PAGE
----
Get ready to get sequinned out: Norwich Theatre’s panto is a riot of glittering costumes, frenetic dance routines, anthemic songs, and smart and silly humour.
Taking a twist on the traditional Sleeping Beauty, we see the familiar tale rejigged from the perspective of the Good Fairy – or, to be more accurate, a trainee fairy, as Joe Tracini takes the lead as the magic being without much magic and a tail instead of wings.
Against all odds (but pretty predictably – this is panto after all) he succeeds in preventing the Evil Fairy (a suitably cackle-heavy Beverly Callard) from killing off the Princess (Millie O’Connell, who gives the best vocal performances of the night, and lights up the stage with her presence).
Despite a slight mix up with a spinning wheel, she is successfully united – more consentingly than in the traditional version – with the dashing Prince (Karl Queensborough, who seems to be very much enjoying swapping the seriousness of Hamilton for the insanity of panto, and delighting the audience as a result), making the old Queen (panto stalwart Richard Gauntlett, who clearly retains his talent for one liners) very happy.
Panto never really needs to make much sense – after all, how difficult can it be to keep your daughter away from a spinning wheel, especially if you explain the whole curse thing? – and there are some non-sensical diversions into the Wish House and a journey inside the Princess’ mind, but they gamble along quite snappily and give excuses for some local references and traditional panto singalongs.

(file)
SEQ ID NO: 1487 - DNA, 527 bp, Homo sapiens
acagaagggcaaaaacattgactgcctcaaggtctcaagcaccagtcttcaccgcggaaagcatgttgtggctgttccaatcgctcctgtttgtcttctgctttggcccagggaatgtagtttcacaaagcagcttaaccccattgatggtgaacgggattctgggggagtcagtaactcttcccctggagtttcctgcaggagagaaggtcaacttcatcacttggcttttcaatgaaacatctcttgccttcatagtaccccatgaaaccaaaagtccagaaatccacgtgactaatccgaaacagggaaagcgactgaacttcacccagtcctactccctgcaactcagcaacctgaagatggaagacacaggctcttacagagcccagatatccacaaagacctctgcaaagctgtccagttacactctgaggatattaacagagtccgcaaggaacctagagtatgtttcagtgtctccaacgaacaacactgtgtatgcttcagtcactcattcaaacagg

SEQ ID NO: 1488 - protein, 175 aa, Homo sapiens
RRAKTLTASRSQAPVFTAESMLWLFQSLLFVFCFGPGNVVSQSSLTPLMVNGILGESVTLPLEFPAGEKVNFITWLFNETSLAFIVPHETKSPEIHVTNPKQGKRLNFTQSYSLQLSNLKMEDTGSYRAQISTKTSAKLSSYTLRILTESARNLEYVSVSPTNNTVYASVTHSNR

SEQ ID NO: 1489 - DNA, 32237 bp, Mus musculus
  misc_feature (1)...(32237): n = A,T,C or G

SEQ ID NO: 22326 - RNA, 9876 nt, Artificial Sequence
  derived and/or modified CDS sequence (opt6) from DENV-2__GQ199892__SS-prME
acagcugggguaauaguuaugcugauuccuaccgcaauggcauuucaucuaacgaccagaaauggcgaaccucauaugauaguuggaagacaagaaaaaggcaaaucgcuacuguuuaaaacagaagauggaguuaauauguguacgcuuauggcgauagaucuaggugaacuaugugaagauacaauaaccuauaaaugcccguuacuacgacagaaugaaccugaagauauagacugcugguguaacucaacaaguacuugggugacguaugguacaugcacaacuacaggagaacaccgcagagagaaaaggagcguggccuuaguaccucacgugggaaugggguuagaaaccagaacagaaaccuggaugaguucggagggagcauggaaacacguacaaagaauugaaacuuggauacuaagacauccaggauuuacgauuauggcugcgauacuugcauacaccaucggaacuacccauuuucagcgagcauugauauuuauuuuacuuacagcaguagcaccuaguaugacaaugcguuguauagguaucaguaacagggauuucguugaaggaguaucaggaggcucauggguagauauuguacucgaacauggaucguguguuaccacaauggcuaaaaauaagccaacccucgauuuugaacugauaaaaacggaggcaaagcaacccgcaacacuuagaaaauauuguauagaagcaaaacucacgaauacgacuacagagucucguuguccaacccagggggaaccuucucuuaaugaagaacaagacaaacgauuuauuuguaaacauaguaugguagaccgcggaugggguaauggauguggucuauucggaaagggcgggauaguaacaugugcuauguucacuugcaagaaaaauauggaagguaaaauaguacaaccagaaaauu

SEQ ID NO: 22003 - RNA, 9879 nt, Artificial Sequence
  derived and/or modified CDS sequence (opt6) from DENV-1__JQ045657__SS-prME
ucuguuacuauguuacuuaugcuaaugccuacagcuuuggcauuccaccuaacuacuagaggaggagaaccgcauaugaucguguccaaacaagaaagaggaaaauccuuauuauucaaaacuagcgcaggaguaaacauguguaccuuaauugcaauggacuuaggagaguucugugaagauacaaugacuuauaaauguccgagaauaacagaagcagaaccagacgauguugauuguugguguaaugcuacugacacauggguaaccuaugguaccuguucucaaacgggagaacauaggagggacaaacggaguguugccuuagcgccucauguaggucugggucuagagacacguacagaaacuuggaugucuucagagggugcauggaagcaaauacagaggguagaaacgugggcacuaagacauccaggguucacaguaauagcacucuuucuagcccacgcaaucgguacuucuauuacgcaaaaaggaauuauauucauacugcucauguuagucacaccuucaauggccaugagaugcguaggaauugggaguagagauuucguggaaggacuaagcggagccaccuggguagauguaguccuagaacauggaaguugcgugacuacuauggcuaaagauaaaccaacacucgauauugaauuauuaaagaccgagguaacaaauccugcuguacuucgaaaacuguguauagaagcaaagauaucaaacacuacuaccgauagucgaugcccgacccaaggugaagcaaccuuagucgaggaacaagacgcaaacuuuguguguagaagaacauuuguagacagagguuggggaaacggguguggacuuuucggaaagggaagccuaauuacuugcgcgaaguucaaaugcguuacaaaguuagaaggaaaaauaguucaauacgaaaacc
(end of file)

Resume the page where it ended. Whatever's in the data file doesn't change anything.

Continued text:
There are plenty of musical references for those with keen ears, and a handful of meta jokes and gentle political commentary to ensure that kids and parents alike can enjoy the show.
The sets by Lowestoft firm Scenic Designs are impressive and the whole production feels suitably big and energetic for a Christmas splash.
There are brief moments that feel a bit too much like public therapy for writer and star Tracini but they are barely detectable within the pervading bombastic, over the top moments of sheer silliness.
It is still, at its heart, the princess’ story despite the subtitle and no worse for that. Open your heart to the silliness and you’ll have a right royal time.
- Sleeping Beauty continues at Norwich Theatre Royal until 7 January 2024